Vegware takes its producer responsibility seriously, and offers expert environmental support to help foodservice clients recycle used Vegware and food waste. Launched initially in Scotland in 2017, Vegware’s Close the Loop service collects used compostables and food waste from Vegware clients, taking it for commercial composting. Now that we have a successful model to roll out, Vegware will be announcing good news in other areas of the UK in 2018.

To see a true shift in foodservice recycling and litter reduction, Vegware believes a comprehensive raft of improvements are needed to recycling systems and major public awareness campaigns. We welcome ambitious plans and are keen to drive innovation and collaboration in the packaging and recycling sectors.

Close the Loop in Footprint’s waste2zero awards!

We were happy to hear this week that we were a runner up for Best Closed Loop Project Award at the Footprint waste2zero Awards. We were nominated for our Close the Loop collection service, a waste collection service offering Vegware packaging and food waste collection to customers across Scotland’s Central Belt.

Earlier in October we won Supplier of the Year at the Food Made Good Awards for our Close the Loop solution. Close the Loop also received a Parliamentary Motion in the Scottish Parliament in the same month.

plastic; plastic-free; plant-based; renewable; vegware; packaging; eco; environmental

Go plastic free with Vegware

Why do we make packaging from plants not plastic?

Renewable vs finite

First off, conventional plastic is made from oil, a finite resource. With oil running out, it seems sensible to use alternative materials made from renewable resources. Bioplastics are a smart modern solution, which can replace oil-based plastics and function perfectly.

Carbon

Producing oil-based plastics is more carbon-intensive than plant-based alternatives. We have worked with an independent carbon consultant to understand the embodied carbon in different packaging materials. For example:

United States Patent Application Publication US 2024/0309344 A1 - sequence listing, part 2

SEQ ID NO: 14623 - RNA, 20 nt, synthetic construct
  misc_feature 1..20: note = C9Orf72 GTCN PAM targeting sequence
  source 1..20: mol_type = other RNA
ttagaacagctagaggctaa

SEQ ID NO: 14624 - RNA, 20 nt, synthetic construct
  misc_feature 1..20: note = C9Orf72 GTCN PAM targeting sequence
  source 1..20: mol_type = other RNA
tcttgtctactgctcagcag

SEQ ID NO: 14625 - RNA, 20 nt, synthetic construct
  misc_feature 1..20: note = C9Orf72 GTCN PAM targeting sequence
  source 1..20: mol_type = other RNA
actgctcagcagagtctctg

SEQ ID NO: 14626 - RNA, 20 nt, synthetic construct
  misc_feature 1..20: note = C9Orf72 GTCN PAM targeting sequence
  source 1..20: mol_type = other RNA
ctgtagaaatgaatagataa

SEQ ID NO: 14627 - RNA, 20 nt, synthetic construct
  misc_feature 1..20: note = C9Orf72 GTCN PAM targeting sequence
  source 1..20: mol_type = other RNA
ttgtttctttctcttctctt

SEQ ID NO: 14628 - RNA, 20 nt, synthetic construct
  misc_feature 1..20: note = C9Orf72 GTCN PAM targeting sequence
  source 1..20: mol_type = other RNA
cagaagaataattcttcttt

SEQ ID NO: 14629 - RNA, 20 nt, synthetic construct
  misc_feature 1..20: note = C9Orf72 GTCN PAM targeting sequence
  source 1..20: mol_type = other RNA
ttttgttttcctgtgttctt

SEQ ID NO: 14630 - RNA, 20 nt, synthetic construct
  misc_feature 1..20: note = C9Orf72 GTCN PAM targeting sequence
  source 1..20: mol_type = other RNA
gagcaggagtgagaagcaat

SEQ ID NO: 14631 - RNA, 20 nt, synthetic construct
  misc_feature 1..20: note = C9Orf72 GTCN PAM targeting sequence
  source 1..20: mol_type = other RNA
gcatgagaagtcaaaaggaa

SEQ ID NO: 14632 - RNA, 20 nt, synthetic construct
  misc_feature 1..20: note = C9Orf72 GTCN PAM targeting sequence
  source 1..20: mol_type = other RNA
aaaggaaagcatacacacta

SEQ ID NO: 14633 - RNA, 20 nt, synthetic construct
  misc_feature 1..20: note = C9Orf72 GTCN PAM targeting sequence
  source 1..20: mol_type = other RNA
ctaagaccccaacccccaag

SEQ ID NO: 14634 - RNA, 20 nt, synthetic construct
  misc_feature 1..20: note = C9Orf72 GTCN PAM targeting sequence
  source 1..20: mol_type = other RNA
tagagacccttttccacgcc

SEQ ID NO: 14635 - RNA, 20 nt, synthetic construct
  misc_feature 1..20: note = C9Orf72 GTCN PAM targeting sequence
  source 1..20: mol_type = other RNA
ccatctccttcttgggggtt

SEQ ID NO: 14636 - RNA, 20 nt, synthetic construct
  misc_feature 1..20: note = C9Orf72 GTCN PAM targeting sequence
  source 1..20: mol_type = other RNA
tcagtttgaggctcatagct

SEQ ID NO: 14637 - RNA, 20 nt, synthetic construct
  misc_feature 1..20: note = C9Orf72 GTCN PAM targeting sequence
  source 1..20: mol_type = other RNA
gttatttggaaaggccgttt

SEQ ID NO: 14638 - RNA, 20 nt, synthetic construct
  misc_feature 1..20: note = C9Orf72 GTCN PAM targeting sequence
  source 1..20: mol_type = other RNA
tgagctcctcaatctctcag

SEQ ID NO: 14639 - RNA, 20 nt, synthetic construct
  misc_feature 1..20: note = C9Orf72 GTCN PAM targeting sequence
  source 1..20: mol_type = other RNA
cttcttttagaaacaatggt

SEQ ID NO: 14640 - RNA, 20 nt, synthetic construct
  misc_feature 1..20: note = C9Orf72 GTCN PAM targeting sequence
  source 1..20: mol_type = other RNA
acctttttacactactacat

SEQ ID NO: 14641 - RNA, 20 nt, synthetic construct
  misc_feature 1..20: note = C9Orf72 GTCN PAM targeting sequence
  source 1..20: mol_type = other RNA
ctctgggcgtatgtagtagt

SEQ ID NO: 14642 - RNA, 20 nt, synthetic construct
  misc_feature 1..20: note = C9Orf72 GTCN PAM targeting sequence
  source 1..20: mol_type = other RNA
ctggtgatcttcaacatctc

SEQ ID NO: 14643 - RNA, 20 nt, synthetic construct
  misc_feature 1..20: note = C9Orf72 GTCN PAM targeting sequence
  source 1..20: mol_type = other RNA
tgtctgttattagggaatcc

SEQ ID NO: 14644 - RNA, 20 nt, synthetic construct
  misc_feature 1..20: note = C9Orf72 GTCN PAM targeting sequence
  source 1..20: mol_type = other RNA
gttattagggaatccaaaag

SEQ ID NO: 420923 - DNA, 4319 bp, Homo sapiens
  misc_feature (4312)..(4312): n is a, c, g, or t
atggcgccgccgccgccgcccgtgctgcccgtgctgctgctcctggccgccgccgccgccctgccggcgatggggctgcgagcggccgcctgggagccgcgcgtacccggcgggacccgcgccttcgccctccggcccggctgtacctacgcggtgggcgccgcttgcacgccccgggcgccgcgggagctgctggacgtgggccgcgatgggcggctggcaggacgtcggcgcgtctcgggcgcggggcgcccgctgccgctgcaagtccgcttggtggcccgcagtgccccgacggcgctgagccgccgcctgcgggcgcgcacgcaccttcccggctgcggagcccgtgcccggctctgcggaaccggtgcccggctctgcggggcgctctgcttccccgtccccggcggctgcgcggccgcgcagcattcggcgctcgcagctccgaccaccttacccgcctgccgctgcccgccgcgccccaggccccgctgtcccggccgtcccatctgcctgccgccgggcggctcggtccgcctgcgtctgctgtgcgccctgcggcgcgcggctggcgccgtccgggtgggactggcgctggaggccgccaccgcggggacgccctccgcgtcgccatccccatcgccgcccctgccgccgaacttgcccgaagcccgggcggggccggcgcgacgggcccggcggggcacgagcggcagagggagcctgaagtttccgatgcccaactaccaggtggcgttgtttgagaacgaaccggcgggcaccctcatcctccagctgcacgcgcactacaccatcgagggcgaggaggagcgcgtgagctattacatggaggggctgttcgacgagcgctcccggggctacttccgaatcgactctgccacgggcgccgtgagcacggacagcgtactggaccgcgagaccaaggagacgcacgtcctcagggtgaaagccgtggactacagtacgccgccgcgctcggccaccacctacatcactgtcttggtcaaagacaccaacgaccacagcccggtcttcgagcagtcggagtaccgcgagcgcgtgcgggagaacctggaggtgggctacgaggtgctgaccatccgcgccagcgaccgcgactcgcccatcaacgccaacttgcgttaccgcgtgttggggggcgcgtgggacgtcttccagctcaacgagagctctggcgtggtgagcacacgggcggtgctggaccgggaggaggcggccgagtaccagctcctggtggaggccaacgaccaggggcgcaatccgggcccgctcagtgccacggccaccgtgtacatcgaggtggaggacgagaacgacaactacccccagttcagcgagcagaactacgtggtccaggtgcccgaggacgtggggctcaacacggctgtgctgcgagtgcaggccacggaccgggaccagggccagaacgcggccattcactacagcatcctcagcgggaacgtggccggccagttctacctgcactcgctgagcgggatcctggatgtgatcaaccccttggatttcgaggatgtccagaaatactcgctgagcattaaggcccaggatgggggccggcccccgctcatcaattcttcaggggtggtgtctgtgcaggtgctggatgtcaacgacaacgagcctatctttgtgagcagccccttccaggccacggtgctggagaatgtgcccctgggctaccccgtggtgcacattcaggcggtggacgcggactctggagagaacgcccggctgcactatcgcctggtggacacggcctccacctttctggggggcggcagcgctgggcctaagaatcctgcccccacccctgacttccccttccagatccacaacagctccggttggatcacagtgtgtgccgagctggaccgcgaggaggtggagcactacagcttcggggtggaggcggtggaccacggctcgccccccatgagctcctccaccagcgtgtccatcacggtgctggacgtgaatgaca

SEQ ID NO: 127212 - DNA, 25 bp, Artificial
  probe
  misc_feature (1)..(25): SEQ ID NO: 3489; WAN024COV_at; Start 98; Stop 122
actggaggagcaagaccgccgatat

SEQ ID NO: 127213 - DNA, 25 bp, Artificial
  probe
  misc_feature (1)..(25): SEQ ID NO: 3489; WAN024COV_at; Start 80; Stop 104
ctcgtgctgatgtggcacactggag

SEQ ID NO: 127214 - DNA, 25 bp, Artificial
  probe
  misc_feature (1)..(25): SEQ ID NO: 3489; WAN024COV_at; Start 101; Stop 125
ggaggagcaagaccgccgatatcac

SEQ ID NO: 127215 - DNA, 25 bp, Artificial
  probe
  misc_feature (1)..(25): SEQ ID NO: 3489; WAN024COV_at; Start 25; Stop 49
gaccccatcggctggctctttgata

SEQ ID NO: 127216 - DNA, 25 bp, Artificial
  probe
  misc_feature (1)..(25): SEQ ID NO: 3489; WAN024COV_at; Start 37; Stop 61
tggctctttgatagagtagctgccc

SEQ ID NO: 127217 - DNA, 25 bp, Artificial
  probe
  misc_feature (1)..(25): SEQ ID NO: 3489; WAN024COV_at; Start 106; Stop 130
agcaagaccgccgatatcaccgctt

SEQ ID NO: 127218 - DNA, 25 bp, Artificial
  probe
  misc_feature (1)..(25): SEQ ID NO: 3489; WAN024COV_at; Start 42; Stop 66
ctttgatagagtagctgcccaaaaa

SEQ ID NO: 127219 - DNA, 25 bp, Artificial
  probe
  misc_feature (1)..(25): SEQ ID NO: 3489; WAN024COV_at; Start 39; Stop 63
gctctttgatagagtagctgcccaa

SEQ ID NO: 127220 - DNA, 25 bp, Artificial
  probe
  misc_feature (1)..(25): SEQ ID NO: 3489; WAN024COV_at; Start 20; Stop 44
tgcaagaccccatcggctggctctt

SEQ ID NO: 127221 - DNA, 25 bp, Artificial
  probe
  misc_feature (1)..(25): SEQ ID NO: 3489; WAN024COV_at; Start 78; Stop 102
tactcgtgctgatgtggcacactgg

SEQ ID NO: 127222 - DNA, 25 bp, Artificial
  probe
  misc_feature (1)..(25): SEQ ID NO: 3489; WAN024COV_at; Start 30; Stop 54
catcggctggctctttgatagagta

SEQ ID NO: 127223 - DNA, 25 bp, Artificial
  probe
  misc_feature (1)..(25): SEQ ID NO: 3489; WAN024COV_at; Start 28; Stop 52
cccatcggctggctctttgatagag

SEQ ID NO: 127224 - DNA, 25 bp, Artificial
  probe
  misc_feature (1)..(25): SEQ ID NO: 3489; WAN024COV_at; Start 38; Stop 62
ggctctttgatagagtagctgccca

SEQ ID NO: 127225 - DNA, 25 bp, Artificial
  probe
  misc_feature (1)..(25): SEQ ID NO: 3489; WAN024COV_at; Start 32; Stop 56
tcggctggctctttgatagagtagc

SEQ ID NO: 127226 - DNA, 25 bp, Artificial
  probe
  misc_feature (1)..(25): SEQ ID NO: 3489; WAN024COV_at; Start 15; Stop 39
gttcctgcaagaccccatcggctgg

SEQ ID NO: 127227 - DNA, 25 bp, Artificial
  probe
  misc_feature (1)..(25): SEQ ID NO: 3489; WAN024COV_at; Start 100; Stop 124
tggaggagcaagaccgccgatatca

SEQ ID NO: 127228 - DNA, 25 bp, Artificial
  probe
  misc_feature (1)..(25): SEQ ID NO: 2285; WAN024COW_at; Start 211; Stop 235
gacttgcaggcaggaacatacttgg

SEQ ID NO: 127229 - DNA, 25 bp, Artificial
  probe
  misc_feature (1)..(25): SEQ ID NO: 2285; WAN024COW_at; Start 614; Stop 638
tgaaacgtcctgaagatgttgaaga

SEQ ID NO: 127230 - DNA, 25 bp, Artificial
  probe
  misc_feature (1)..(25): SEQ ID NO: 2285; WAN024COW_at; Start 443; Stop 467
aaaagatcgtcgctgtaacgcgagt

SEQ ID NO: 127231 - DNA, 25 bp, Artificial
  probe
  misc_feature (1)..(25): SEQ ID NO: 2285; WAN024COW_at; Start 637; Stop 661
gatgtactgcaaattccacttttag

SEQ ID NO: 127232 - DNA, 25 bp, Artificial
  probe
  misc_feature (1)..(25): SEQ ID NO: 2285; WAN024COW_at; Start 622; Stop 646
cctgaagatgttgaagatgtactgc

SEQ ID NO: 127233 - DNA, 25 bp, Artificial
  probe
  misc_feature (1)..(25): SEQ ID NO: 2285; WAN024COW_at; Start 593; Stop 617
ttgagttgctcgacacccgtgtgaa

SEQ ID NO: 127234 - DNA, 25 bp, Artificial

• Bagasse is the recycled sugarcane fibre we use to make clamshells. Bagasse has 99% less embodied carbon than polystyrene.
  • Our cups are lined with plant-based PLA, a material with 72% less embodied carbon than PE, the oil-based plastic which lines standard cups.

Our Eco Audits quantify the difference in embodied CO2 per kilo for materials used to create Vegware products compared with their conventional packaging equivalents.

So far in 2017, Vegware’s clients together have saved over 4,700 tonnes of carbon by switching to plants, not plastic. That’s like cancelling the carbon from 2,966 flights from London to New York.

Continue reading Go plastic free with Vegware

On-site composting at Dundee and Angus College

For Dundee and Angus College in Scotland, on-site composting provided an ideal solution for them to take control of their food waste, reducing packaging in canteens, and move away from plastics in food service. 

The first thing the College needed was a packaging supplier that could offer a sustainable, compostable solution to aid their on-site composting ambitions.

Why Vegware?

Vegware’s packaging is made from plants, not plastic, and designed to be composted with food waste.  

On choosing Vegware as a sustainable packing supplier, Jackie Beresford at Dundee and Angus College commented:

The quality of the product along with the very good customer service is the reason why we use Vegware and continue to do so.”